NTheClouds, NTheClouds
It’s not February, or even a day when you can force yourself to think about love, but NTheClouds, the duo of Boi Dru formerly of Solutionn and Jay Kell, went deep on it with their debut album. Decap and Brady Wyatt, the two main voices from a production standpoint, set up the NTheClouds duo with woozy bass lines, spastic drums and the occasional deep piano stab. For eight tracks, Boi Dru and Jay Kell detail all kinds of love, from sexual to longing for the right woman and being heartbroken at all of it ending. You could argue that “Have You Seen Her” and “Lookin For Ya,” two Decap productions, are nearly identical in thought but one’s merely asking questions while the other's asserting implied action. The chemistry between the NTC duo is pretty evident, both displaying effortless cool when needed and also fighting their own demons of past failed relationships. Both seeped in loving live instrumentation, NTheClouds decided to craft an album about love — and all the bullshit you go through to get there.


A-N-T feat. Paul Wall, “Ol School Lac”
The initial thing about A-N-T’s “Oll School Lac” is how it toys with an organ before letting the keyboard and chopped-up vocals come in. So familiar from Houston’s past, A-N-T still represents the Southside of Houston as if it were still ’96 and there were still a civil war in the city. Paul Wall jumps in because he’s still the Slab God and if anybody’s gonna talk Houston car culture on a record, it’s Paul. You should move on to A-N-T’s Drop Top Music if you’re so inclined to stay rooted in the sound of the H in the early 2000s.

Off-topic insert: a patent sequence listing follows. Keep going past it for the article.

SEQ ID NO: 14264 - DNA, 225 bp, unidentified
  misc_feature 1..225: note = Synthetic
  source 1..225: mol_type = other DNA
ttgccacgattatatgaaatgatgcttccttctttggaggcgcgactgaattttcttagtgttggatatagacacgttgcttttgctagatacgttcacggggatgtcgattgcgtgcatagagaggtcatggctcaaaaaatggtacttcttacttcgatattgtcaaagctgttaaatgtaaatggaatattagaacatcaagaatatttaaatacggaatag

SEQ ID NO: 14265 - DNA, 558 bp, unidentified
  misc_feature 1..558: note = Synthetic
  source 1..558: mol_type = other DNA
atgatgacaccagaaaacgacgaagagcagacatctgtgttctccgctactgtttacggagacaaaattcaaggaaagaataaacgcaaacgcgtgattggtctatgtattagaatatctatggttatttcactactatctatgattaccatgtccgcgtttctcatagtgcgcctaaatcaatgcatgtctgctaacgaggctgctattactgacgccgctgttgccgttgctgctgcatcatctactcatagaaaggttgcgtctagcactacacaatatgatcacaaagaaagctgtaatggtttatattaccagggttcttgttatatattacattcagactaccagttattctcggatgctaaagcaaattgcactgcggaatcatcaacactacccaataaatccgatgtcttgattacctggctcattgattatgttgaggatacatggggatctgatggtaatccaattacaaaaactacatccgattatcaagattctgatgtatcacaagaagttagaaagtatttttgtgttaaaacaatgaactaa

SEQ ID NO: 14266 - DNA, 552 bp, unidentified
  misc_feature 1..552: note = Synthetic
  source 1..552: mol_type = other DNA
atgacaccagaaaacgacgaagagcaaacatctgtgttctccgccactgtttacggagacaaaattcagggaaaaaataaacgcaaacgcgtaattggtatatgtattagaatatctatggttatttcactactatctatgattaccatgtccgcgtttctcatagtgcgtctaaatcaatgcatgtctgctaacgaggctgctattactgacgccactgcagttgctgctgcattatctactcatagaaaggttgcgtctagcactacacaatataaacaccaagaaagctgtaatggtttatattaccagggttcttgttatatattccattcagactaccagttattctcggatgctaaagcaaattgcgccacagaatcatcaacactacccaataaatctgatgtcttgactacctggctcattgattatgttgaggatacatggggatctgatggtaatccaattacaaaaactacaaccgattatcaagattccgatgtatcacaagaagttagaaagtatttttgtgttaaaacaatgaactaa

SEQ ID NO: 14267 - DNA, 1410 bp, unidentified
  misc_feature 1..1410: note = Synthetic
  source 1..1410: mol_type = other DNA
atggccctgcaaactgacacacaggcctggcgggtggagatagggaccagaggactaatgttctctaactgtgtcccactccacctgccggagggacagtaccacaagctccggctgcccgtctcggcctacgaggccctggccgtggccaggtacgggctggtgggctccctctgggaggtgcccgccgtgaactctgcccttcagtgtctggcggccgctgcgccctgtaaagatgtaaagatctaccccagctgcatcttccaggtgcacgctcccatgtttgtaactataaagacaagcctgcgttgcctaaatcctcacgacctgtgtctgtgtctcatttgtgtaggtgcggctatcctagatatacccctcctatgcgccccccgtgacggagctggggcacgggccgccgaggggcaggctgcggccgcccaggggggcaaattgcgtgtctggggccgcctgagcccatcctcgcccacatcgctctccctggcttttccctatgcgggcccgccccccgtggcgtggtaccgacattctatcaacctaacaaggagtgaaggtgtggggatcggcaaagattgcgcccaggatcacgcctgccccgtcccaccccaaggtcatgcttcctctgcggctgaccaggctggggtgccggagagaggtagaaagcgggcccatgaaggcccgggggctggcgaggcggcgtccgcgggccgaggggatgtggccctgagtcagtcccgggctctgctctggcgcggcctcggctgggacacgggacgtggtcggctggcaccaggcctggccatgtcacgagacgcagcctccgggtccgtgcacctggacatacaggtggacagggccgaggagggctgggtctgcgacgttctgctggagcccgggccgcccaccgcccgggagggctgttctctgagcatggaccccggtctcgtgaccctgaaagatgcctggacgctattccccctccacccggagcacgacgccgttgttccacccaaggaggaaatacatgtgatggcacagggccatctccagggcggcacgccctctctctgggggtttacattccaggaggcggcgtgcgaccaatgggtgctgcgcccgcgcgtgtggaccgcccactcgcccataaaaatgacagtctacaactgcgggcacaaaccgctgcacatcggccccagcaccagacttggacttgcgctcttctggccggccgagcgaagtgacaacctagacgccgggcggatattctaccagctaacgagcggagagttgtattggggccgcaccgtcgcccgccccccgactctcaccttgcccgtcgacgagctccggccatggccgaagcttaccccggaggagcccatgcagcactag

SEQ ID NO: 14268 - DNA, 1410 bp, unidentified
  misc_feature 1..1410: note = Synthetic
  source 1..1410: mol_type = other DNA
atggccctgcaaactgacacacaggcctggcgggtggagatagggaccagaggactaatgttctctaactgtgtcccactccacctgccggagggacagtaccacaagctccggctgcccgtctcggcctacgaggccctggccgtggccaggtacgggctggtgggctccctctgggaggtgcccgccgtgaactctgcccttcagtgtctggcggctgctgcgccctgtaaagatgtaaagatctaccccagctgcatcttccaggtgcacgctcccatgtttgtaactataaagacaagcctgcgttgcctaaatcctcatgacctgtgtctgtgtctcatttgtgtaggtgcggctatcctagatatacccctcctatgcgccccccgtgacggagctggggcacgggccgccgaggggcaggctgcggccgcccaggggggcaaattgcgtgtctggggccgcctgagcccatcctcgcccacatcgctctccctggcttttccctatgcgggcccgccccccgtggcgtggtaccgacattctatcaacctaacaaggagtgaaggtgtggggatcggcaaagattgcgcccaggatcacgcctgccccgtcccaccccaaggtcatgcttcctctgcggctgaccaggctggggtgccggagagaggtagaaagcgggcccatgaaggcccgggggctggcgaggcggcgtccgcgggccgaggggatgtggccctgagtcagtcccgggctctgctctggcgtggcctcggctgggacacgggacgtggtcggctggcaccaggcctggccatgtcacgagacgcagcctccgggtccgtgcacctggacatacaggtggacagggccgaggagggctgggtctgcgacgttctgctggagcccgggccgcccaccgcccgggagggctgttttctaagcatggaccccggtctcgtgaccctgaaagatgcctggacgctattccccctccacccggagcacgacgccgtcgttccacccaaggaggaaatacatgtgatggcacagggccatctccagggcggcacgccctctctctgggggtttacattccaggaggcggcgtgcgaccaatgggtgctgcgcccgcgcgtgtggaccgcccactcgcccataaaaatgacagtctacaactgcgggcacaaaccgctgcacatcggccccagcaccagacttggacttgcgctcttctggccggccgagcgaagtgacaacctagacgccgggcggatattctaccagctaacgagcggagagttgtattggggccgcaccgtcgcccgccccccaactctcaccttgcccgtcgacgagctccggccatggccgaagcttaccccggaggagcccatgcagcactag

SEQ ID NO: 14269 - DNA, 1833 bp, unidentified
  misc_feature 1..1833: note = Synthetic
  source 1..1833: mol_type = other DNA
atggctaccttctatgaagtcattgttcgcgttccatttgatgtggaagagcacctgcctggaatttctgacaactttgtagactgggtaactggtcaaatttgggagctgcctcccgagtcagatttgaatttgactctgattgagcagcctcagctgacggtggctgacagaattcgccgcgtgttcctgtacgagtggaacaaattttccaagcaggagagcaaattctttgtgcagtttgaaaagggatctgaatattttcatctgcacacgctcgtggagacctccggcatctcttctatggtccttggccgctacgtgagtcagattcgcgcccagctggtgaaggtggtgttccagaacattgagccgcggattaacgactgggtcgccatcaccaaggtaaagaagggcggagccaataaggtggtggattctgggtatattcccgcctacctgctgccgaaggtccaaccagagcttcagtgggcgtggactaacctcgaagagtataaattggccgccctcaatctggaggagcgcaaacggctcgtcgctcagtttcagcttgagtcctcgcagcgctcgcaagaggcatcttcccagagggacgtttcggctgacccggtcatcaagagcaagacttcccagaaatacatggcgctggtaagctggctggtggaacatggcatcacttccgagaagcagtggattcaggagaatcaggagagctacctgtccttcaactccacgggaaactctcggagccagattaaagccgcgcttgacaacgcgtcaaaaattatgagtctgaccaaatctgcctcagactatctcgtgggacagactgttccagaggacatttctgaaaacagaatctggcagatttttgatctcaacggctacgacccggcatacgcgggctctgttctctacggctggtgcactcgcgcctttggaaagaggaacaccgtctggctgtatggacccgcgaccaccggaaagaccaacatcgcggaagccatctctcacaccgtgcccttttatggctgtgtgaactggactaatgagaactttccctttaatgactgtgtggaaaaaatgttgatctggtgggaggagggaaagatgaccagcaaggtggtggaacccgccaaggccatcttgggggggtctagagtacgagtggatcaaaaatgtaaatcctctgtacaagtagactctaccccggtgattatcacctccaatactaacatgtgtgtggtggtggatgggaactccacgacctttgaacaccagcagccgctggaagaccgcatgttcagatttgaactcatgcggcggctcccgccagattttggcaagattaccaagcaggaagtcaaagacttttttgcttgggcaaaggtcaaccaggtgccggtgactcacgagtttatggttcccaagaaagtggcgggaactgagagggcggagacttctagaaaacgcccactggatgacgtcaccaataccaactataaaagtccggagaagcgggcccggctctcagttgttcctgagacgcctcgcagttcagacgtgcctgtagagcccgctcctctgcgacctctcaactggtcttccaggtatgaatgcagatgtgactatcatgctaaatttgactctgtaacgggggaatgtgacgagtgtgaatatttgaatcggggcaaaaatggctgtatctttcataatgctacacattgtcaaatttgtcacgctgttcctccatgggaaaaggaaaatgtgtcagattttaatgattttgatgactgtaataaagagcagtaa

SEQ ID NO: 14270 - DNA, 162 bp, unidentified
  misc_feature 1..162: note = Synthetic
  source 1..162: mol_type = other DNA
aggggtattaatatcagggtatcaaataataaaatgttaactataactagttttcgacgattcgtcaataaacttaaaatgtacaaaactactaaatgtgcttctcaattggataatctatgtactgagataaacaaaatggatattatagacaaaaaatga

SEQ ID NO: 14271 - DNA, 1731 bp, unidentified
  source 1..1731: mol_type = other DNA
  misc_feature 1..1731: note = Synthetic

Don P, “Magnificent”
Don P, the collective duo of producer Donnie Houston and New Orleans rapper and underrated favorite Hot Peez, came together for one sole purpose: to make dope music with the influences both men were raised on. Peez’s White Hall tape was funky, somber and more than reflective in regards to adulthood. “Magnificent” is sort of like adulthood in New Orleans, only it marries cuts of famous NOLA Q&A raiser “where they at” with triumphant horns, slithery vocals from Peez and him falling in love with the wrong one.

Genesis Iver, “Second Chance”
I halfway wanted to chastise Genesis Iver’s “Second Chance” as a minor cry for simp life and attention. Then I realized how often we’ve all been there in regards to a breakup and wanting answers. Iver’s a newbie only in terms of public consciousness. Rapping over a muddy, heavier-than-a-rain-cloud version of Donell Jones’s “Where I Wanna Be” extrapolates his heartbreak over many levels, even when pushed to the answering machine and left wondering.

Maxo Kream, “Big Worm”
Up until the moment BeatKing dropped Club God 5 and Wiz Khalifa made certain that Sosamann was TGOD, the early half of this column was to be about Maxo making the wait list for the 2016 XXL Freshman class. Kream’s gangsta identity translates better than almost anything on Earth, and “Big Worm” matches gangsta on two levels. One, Maxo’s double-time allows him to name-check Friday villains like role models. Two, it samples Wiley’s grime cult favorite in “Morgue.” Transcontinental thuggin’.

Stockz, “Some More”
Here’s how Stockz operates. When he lived in Houston, he managed to curate sounds of the moment; big bass, lot of melody, plenty of young man rapping. Now that he lives in L.A., it's more of the same. “Some More” ties in flutes, hard-hitting 808 drums and Stockz being in a self-assured moment where the only clarity he needs? Peace of mind and more of what makes him happy.